The Department of Health and Human Services is using a recurrent network to get smarter about its acquisition efforts.
Determining whether a function is inherently government is a critical step when an agency is procuring services, and it's harder than one might think. So the Department of Health and Human Services has built a recurrent neural network to help acquisition staff make the call.
The effort is still in proof-of-concept stage, HHS CIO Jose Arrieta told FCW, but the artificial intelligence-powered system already is making the correct determination 86% of the time. The goal is not to automate the entire process, he said, but rather to allow HHS' human experts to focus on the toughest and most-borderline cases.
Those same experts were used to help train the neural network, which used some 9,000 HHS statements of work from past procurements and the Government Accountability Office's guidelines on inherently governmental functions as the starting point.
"What we're trying to do is provide insight so that someone that's really smart can look at what we did and they can say … 'That's not the right prediction,'" Arrieta said. "And that's fine. Or they come back and say, 'You know what, that actually really helped.'"
The pilot project was originally conceived as a "Turbo Tax-style" tool to help contracting officer write new solicitations by pulling appropriate language from past examples, Arrieta said, but Assistant Secretary for Administration Scott Rowell suggested the focus on whether solicitations were touching on inherently governmental functions.
The project took less than six weeks to spin up, Arrieta said, but it did require a different way of thinking. First, there was the need for a recurrent neural network, which can pass outputs back through the system for additional analysis and are especially well-suited to natural language processing. Then all that text from 9,000 solicitations had to be scored.
"You can't do predictive analytics or any type of deep learning on text," Arrieta said. "You have to do it on a number. … We're scoring the level of importance of the words -- how many times is a word repeated?... And then we take that number string that we developed, that vector, and we push it into a predictive model."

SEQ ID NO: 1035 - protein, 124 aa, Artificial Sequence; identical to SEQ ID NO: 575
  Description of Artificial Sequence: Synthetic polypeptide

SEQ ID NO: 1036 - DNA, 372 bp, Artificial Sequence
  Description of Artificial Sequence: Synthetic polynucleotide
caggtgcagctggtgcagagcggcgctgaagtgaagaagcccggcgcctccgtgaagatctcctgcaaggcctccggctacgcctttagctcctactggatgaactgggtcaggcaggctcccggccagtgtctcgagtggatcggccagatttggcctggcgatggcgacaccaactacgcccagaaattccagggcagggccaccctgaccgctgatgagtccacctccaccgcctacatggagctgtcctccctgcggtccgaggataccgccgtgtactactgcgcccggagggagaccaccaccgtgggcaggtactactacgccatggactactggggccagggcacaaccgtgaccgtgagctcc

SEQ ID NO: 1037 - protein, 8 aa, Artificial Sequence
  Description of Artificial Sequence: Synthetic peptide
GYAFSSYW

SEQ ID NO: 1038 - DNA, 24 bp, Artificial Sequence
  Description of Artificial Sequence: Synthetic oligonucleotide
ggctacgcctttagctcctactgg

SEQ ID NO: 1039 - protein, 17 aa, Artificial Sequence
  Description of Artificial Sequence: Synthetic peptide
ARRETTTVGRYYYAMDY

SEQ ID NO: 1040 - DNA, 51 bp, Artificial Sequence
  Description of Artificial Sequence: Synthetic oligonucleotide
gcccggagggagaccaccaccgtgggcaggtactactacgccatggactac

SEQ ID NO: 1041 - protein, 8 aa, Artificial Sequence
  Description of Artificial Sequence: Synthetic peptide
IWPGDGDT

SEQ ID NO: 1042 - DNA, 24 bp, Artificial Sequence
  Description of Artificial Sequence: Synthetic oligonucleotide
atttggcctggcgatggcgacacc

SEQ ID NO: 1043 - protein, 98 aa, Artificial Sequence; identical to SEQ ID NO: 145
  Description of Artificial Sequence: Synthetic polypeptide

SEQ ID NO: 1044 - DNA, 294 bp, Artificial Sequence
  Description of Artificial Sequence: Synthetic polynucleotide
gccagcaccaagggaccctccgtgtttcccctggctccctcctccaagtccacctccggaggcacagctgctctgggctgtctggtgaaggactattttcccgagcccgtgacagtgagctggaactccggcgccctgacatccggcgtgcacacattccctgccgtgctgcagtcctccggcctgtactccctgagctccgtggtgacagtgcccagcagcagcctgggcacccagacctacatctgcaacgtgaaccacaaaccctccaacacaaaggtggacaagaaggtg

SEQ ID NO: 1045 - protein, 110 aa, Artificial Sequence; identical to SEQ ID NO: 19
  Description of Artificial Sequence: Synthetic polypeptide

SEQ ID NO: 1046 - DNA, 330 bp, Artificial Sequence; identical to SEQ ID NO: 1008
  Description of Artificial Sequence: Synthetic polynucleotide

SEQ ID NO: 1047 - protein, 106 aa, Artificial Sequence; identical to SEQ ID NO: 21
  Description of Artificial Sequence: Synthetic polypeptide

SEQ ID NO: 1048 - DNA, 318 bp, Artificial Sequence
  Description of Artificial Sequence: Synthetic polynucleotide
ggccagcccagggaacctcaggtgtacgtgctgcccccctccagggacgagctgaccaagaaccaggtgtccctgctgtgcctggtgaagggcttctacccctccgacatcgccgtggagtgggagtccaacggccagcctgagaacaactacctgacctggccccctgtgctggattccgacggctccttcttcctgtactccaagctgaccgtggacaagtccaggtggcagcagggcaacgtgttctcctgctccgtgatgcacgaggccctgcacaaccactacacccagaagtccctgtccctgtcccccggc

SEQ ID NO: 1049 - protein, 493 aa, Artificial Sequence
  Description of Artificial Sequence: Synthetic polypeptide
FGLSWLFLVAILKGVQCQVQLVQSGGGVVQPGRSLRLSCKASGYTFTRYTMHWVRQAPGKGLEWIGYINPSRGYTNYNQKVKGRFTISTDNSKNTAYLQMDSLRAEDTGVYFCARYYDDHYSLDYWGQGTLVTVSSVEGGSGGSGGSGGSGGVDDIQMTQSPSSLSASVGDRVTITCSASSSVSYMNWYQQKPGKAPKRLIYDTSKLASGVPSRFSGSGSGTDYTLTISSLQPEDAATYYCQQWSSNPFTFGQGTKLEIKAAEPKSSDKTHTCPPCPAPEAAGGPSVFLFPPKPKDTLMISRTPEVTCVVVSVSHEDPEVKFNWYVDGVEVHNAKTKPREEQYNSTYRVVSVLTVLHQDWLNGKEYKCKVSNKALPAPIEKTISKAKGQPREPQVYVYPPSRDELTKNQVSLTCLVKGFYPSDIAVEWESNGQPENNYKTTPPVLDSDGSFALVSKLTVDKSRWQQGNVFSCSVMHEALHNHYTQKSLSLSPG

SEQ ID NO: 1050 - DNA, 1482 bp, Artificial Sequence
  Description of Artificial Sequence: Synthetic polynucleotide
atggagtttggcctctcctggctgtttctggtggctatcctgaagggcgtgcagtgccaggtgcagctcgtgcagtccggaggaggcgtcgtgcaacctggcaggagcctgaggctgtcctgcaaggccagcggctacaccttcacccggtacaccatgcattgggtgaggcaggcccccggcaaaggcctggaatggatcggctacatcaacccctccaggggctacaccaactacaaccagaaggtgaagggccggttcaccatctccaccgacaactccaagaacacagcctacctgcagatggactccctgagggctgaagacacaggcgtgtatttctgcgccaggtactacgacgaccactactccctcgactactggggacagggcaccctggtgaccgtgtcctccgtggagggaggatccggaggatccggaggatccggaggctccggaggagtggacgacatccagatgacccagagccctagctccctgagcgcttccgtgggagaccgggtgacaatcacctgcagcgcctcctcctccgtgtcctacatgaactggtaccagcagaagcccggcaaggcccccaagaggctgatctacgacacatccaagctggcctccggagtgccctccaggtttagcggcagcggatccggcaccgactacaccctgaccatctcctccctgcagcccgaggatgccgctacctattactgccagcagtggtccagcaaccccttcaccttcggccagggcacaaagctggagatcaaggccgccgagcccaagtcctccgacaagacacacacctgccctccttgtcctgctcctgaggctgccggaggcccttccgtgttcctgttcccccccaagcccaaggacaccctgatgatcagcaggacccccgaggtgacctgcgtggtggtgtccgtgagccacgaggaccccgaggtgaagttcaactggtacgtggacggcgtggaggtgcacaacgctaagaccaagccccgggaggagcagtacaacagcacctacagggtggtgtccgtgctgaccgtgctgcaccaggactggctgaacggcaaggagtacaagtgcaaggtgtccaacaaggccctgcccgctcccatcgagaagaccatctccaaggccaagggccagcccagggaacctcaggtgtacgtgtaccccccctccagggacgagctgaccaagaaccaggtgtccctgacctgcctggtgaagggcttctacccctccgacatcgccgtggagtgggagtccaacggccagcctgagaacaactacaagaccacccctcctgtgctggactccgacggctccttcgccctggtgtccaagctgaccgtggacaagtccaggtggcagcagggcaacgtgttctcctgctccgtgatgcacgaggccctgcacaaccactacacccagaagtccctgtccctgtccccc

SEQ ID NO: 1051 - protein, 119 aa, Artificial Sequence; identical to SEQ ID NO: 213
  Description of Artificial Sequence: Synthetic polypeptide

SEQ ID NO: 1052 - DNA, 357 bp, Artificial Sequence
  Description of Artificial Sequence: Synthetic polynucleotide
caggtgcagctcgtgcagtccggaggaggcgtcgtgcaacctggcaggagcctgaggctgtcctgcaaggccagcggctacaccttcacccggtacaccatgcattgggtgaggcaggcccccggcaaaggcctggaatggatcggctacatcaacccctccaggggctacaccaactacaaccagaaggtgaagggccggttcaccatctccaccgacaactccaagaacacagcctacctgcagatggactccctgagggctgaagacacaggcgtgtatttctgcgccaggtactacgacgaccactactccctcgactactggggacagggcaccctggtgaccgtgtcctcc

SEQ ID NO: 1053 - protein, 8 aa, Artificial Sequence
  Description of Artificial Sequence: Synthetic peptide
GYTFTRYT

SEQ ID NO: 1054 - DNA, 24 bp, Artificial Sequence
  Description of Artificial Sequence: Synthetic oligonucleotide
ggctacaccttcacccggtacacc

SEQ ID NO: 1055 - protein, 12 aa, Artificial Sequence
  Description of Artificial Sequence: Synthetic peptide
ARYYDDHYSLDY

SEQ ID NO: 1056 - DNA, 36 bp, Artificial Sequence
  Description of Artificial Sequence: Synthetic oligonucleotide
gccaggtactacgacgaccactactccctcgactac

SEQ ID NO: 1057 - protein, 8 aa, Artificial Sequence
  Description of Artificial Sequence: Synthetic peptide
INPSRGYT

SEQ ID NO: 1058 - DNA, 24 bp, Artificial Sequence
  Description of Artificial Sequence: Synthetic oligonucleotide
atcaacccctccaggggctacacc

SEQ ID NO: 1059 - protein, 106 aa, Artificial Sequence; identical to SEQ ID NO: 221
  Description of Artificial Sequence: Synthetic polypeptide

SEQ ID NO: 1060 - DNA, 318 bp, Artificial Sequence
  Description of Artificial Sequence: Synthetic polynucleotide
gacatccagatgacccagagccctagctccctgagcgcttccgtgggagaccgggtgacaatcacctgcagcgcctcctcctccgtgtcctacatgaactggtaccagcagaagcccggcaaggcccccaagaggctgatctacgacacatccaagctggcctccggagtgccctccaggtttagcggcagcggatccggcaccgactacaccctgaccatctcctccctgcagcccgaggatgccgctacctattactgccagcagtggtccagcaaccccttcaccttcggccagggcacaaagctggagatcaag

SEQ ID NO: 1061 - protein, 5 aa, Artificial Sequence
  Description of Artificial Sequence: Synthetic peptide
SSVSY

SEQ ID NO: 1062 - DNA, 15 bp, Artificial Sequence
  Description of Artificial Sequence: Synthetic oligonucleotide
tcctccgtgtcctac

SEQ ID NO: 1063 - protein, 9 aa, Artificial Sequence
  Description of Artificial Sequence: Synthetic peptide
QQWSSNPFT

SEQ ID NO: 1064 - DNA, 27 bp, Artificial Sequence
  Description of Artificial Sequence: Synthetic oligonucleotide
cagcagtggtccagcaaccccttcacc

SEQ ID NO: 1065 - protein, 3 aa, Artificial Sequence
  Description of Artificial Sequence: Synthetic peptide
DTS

The total cost to date has been less than $300,000, he said, and the project identified roughly $100 million in potential savings just on the initial batch of statements of work – 11% to 12% of the total portfolio value. But the goals are bigger than just cost savings, Arrieta argued.
"The better you understand when you need federal employees and when you need contractors to perform a service, the better service outcome you will provide," he said. In addition to the tasks that must by law be performed by federal employees, there are some where government workers would be cheaper than contractors, he noted. Other times outsourcing brings clear cost savings, or "the need is related to a business line that you're standing up, but you don't know if it will actually work," he said. "This type of insight allows us to shape our business model in a way that better serves the customer," Arrieta said.
Other uses of recurrent neural networks are already on the drawing board at HHS. A small cybersecurity pilot -- where HHS found it already had access to the neural network via an existing contract -- is underway, and Arrieta's team intends to tease new acquisition insights out of the solicitation data.
"We also looked at the labor categories," which could help to negotiate better prices for future services contracts, he said. "Can you start to use that same type of analysis to look at job descriptions and start to get an understanding of the types of folks that may apply … so that you can fine tune that job description in a way to truly get the type of candidate you're looking for?"
"We think the lessons learned here are applied on a much broader," he said, "and can be applied to other problems."